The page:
What is Scoliosis?

Overview 

Scoliosis is a sideways curvature of the spine that occurs most often during the growth spurt just before puberty. While scoliosis can be caused by conditions such as cerebral palsy and muscular dystrophy, the cause of most scoliosis is unknown. About 3% of adolescents have scoliosis.

Most cases of scoliosis are mild, but some spine deformities continue to get more severe as children grow. Severe scoliosis can be disabling. An especially severe spinal curve can reduce the amount of space within the chest, making it difficult for the lungs to function properly.

Children who have mild scoliosis are monitored closely, usually with X-rays, to see if the curve is getting worse. In many cases, no treatment is necessary. Some children will need to wear a brace to stop the curve from worsening. Others may need surgery to keep the scoliosis from worsening and to straighten severe cases of scoliosis.

 

Scoliosis

Viewed from the side, the normal spine takes the form of an elongated S, the upper back bowing outward and the lower back curving slightly inward. Viewed from behind though, the spine should appear as a straight line from the base of the neck to the tailbone. Scoliosis is a sideways curvature of the spine.

Symptoms

Signs and symptoms of scoliosis may include:

  • Uneven shoulders
  • One shoulder blade that appears more prominent than the other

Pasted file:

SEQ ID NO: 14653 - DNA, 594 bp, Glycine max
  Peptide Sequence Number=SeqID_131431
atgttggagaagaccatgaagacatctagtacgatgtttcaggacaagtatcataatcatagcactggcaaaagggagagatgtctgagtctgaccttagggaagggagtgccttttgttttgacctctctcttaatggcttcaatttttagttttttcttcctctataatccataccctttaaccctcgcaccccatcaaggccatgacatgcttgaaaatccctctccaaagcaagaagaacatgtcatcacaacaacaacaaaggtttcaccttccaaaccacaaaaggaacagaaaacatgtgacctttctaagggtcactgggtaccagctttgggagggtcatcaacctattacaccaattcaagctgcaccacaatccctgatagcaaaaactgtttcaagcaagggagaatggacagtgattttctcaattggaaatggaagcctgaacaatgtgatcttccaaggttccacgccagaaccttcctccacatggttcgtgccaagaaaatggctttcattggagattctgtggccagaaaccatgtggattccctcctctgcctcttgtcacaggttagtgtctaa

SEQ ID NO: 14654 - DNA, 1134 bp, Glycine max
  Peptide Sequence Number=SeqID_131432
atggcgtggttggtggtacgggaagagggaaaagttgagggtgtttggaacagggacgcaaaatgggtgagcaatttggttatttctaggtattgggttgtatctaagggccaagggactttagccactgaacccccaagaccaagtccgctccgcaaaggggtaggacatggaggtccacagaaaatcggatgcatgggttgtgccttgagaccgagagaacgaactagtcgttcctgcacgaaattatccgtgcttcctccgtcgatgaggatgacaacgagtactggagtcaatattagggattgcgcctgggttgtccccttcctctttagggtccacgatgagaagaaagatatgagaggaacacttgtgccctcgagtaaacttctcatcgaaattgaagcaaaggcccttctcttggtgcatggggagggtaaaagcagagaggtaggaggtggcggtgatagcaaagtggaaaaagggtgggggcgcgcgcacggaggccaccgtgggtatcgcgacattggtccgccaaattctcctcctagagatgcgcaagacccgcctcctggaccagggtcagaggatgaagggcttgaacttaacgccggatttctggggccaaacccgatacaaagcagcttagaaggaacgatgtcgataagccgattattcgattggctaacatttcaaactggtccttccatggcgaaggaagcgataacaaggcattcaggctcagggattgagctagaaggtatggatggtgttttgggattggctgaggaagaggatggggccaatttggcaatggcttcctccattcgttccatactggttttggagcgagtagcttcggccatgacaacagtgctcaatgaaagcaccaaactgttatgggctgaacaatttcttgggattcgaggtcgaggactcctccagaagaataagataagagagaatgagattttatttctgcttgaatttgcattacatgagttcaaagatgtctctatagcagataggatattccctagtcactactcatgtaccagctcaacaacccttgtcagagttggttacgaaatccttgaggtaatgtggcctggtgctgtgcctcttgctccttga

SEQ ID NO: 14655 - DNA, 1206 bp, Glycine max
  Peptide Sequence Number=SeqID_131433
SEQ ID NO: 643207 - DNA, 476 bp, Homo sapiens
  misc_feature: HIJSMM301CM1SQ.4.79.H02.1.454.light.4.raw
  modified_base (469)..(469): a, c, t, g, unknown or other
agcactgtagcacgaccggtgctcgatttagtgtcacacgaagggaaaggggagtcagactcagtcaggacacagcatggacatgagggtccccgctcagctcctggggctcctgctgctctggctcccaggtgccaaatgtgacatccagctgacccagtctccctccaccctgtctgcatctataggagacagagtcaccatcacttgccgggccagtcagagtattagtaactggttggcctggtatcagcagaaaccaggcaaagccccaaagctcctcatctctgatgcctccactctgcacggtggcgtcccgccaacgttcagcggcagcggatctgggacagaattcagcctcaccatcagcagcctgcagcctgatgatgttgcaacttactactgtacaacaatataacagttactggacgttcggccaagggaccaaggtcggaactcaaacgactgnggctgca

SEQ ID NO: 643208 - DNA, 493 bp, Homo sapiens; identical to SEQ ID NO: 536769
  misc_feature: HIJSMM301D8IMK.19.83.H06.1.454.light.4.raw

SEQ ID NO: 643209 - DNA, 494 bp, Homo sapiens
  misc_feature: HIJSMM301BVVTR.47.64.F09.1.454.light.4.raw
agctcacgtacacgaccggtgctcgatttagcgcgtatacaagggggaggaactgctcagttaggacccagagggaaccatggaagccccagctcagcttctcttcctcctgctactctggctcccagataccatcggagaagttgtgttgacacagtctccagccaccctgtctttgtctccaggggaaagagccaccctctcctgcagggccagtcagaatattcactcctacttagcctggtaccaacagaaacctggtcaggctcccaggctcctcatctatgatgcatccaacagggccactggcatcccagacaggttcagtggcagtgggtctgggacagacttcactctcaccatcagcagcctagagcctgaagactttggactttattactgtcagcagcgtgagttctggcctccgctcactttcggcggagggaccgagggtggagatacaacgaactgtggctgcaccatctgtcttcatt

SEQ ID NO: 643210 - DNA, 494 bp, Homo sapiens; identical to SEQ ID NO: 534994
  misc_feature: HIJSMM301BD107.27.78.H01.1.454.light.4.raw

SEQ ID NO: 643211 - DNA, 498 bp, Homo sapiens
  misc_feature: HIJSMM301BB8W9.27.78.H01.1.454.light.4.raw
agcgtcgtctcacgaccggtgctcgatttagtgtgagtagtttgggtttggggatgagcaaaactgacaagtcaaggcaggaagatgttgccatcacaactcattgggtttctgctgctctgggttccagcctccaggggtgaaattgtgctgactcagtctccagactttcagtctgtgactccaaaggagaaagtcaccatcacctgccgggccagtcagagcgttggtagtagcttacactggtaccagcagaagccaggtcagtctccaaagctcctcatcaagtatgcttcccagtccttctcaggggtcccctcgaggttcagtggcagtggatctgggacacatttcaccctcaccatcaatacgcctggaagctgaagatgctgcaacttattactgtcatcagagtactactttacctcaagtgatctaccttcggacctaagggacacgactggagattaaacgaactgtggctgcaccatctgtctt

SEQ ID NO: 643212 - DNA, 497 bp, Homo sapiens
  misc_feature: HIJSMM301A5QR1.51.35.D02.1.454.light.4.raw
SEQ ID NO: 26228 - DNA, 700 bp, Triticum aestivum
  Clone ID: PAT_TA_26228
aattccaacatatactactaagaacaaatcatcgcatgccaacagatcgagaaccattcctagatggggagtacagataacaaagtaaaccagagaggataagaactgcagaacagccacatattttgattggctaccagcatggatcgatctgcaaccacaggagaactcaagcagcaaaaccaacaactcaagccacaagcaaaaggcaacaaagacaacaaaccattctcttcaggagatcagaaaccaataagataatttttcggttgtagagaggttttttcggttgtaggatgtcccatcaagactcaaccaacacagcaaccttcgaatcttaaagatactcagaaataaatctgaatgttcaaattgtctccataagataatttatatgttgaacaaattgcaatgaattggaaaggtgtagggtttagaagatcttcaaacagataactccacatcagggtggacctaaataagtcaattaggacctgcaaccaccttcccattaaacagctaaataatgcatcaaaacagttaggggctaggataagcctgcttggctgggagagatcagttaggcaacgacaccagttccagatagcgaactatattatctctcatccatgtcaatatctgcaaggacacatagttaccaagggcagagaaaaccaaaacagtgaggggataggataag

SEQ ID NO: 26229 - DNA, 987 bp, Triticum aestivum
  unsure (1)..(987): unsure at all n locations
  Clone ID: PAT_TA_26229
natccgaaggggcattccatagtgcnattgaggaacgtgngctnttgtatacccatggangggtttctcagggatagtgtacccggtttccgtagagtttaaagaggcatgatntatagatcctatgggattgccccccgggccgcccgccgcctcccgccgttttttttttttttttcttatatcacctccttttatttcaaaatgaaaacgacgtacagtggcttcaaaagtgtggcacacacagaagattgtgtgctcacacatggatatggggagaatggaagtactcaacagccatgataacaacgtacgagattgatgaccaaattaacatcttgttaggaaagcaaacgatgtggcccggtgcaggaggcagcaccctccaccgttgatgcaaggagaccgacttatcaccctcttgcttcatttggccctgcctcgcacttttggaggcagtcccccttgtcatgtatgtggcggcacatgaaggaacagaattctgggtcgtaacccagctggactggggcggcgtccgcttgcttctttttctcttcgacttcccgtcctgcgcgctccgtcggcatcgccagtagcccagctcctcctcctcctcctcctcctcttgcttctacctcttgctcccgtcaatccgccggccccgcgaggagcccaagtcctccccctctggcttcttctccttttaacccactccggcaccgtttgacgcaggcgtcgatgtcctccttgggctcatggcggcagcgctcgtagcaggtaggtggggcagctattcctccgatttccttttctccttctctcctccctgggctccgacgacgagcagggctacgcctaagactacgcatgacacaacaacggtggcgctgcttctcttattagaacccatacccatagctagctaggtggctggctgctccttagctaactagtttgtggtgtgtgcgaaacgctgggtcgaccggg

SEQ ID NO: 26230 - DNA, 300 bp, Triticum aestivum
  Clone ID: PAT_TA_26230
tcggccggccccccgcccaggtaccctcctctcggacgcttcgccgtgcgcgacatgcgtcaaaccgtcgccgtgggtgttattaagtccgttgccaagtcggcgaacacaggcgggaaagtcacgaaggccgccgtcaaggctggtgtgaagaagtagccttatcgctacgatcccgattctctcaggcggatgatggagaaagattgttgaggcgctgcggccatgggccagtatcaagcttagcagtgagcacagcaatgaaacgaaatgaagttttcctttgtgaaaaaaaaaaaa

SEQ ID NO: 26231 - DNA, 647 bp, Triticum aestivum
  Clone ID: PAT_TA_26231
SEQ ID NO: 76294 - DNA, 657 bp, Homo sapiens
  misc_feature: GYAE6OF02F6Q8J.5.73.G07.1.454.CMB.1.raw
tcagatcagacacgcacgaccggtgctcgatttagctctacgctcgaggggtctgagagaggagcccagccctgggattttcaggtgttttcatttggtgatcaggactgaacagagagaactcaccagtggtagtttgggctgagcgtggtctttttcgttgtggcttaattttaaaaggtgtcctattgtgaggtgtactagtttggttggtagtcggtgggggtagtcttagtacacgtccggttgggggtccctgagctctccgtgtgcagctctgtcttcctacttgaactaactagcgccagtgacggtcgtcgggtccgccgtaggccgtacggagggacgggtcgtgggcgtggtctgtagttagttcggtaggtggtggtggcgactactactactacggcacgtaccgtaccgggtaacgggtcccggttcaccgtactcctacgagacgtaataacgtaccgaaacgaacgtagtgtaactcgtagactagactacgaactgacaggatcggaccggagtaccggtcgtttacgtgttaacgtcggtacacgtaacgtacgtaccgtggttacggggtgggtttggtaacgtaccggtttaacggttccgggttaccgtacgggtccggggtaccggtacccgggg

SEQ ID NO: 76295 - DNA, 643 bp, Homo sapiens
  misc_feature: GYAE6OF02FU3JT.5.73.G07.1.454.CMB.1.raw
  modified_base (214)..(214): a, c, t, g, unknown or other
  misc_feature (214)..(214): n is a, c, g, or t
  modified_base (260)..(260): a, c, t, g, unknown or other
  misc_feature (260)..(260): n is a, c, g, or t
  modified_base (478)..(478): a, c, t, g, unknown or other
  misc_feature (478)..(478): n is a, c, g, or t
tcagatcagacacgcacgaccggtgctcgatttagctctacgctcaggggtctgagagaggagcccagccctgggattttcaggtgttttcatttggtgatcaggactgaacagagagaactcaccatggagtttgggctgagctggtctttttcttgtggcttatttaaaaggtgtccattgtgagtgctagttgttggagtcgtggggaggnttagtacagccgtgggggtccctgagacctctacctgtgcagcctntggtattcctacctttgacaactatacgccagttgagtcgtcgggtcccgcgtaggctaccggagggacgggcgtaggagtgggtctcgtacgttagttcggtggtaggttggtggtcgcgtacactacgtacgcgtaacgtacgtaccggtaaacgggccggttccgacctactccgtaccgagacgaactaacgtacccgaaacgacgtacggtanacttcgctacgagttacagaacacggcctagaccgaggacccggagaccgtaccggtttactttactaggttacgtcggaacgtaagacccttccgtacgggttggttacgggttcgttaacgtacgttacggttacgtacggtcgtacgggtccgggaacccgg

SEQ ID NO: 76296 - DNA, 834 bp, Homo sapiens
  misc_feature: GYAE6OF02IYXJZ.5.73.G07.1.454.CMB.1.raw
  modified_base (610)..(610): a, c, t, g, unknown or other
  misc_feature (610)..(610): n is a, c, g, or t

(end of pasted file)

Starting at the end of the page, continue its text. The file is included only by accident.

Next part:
• Uneven waist
  • One hip higher than the other

If a scoliosis curve gets worse, the spine will also rotate or twist, in addition to curving side to side. This causes the ribs on one side of the body to stick out farther than on the other side.

Complications

While most people with scoliosis have a mild form of the disorder, scoliosis may sometimes cause complications, including:

  • Lung and heart damage. In severe scoliosis, the rib cage may press against the lungs and heart, making it more difficult to breathe and harder for the heart to pump.
  • Back problems. Adults who had scoliosis as children are more likely to have chronic back pain than are people in the general population.
  • Appearance. As scoliosis worsens, it can cause more noticeable changes — including uneven hips and shoulders, prominent ribs, and a shift of the waist and trunk to the side. Individuals with scoliosis often become self-conscious about their appearance.

It's very important to have your children checked at least once a year to catch the disease early and avoid complications and costly interventions.

Source: Mayo Clinic